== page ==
At the tender age of 14, Amanda Beard walked onto the pool deck at the Atlanta Olympics carrying her teddy bear, Harold, and left with two silvers and a gold medal. She competed in three more Olympic games, winning a total of seven medals, and enjoyed a lucrative modeling career on the side. At one point, she was the most downloaded female athlete on the Internet. Yet despite her astonishing career and sex-symbol status, Amanda felt unworthy of all her success. Unaware that she was suffering from clinical depression, she hid the pain beneath a megawatt smile. With no other outlet for her feelings besides the pool, Amanda expressed her emotions through self-destructive behavior. In her late teens and 20s, she became bulimic, abused drugs and alcohol, and started cutting herself. Her low self-esteem led to toxic relationships with high-profile men in the sports world. No one, not even her own parents and friends, knew about the turmoil she was going through. Only when she met her future husband, who discovered her cutting herself, did Amanda realize she needed help.
Through her renewed faith in herself; the love of her family; and finally the birth of her baby boy, Blaise, Amanda has transformed her life. In this book, she speaks frankly about her struggles with depression, the pressures to be thin, and the unhealthy relationships she confused for love. In the Water They Can't See You Cry is a raw, compelling story of a woman who gained the strength to live as bravely out of the water as she did in it.
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I applaud Amanda - but her editor's were lame
If it was told instead of chronogoligal order, but in life moments. 1. Start to swimming. 2. Parent's divorce and utter lack of ability to parent through their own suffering 3. Olympics all of them at the same time 4. College life 5. Bad bad relationships and how they sucked the life out of me.In the end this book was so difficult to get through. Probably much like Amanda's teenage/college life seemed to be. I was hoping she would find resolve, peace, clarity. 90% of the book I experienced anxiety and the last 10% seemed to be "It's all ok now, just get some therapy, sweep it under the rug, and find a good man." It would have been a much better book if there were more points of refection. Some tools learned in therapy. How to find a good therapist. bla bla bla. I'm not an editor, but this book was a very long diary entry.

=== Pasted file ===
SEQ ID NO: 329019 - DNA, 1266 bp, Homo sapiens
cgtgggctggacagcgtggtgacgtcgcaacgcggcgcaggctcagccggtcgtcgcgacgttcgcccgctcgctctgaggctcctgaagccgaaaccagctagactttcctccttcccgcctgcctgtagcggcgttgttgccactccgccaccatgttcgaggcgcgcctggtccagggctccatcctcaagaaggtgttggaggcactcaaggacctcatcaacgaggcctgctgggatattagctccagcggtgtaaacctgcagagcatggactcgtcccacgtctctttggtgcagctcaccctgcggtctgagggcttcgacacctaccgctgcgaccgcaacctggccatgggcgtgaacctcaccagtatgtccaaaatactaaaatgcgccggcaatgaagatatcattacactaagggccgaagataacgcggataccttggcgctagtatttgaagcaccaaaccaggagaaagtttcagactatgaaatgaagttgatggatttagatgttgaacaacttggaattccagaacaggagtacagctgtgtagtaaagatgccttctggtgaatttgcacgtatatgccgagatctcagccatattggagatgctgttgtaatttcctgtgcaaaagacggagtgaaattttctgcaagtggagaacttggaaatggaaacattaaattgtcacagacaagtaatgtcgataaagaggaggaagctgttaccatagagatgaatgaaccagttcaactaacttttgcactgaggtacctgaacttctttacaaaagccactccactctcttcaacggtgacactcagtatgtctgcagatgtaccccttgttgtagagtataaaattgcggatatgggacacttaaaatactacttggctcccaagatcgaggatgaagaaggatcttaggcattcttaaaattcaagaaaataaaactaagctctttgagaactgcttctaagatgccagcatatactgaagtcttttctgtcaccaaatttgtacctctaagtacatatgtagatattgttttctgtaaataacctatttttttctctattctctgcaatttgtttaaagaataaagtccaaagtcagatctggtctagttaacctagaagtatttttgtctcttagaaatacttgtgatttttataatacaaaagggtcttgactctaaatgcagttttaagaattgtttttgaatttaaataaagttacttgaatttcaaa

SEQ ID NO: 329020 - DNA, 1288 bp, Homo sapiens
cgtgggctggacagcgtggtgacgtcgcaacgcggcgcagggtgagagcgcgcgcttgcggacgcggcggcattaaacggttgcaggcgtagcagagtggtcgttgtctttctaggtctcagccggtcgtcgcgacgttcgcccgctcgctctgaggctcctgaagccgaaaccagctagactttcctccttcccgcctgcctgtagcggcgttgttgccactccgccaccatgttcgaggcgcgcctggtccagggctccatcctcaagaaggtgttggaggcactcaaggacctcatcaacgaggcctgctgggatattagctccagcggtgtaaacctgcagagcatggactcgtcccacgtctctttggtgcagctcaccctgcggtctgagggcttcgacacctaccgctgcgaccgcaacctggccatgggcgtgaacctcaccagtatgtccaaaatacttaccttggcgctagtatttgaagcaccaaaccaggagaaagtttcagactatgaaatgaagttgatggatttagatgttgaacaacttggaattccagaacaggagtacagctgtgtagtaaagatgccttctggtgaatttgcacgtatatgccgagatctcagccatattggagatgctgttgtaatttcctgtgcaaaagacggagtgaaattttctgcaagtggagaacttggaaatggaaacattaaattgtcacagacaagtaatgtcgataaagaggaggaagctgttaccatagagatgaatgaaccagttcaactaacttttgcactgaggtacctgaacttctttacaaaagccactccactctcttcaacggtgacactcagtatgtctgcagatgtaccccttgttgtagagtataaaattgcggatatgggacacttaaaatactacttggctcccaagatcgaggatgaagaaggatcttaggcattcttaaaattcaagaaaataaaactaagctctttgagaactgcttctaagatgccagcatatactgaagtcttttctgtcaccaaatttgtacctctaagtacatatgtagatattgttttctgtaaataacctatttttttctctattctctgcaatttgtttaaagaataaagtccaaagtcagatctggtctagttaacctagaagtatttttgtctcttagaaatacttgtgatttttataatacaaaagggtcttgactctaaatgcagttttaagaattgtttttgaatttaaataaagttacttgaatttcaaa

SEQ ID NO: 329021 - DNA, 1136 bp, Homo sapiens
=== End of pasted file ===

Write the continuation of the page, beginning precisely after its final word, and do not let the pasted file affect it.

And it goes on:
I would have like to hear it from Amanda.
Empathy and then anger. The book seemed so flip when discussing her recovery compared to the pages and pages we had to endure with her crappy relationship.
Good Story. Don't give up!
No, it was pretty entertaining and I enjoyed the whole story.
I liked how "normal girl" she wanted to be and that swimming has always been fun to her even if there is a lot of pressure put on her throughout the years.
Makes me want to swim again. I like the fact that she still competes and is a pro even as a mom. I am only a couple years younger than her and a mom too and haven't swam in a long time. She has inspired me to want to get a gym membership sometime and to swim regularly even though I am not the size I once was when I used to swim.
I think listening to her relationships stories before meeting her husband was so sad and painful. The fact that she stuck in her first relationships for so long and didn't try to get out of that hurt me to listen to. I did however love that even though she had some family issues, her family were always there supporting her together regardless of the divorce of her parents. I think that is rare, but I did feel sad for her not really knowing reasons. I can't wait to see her swim in a couple of weeks at the Olympics in Rio!!!!!! I have been watching her since her first Olympics!
- Justicepirate "Abolitionist, Wife, Mother, photographer, & quilter"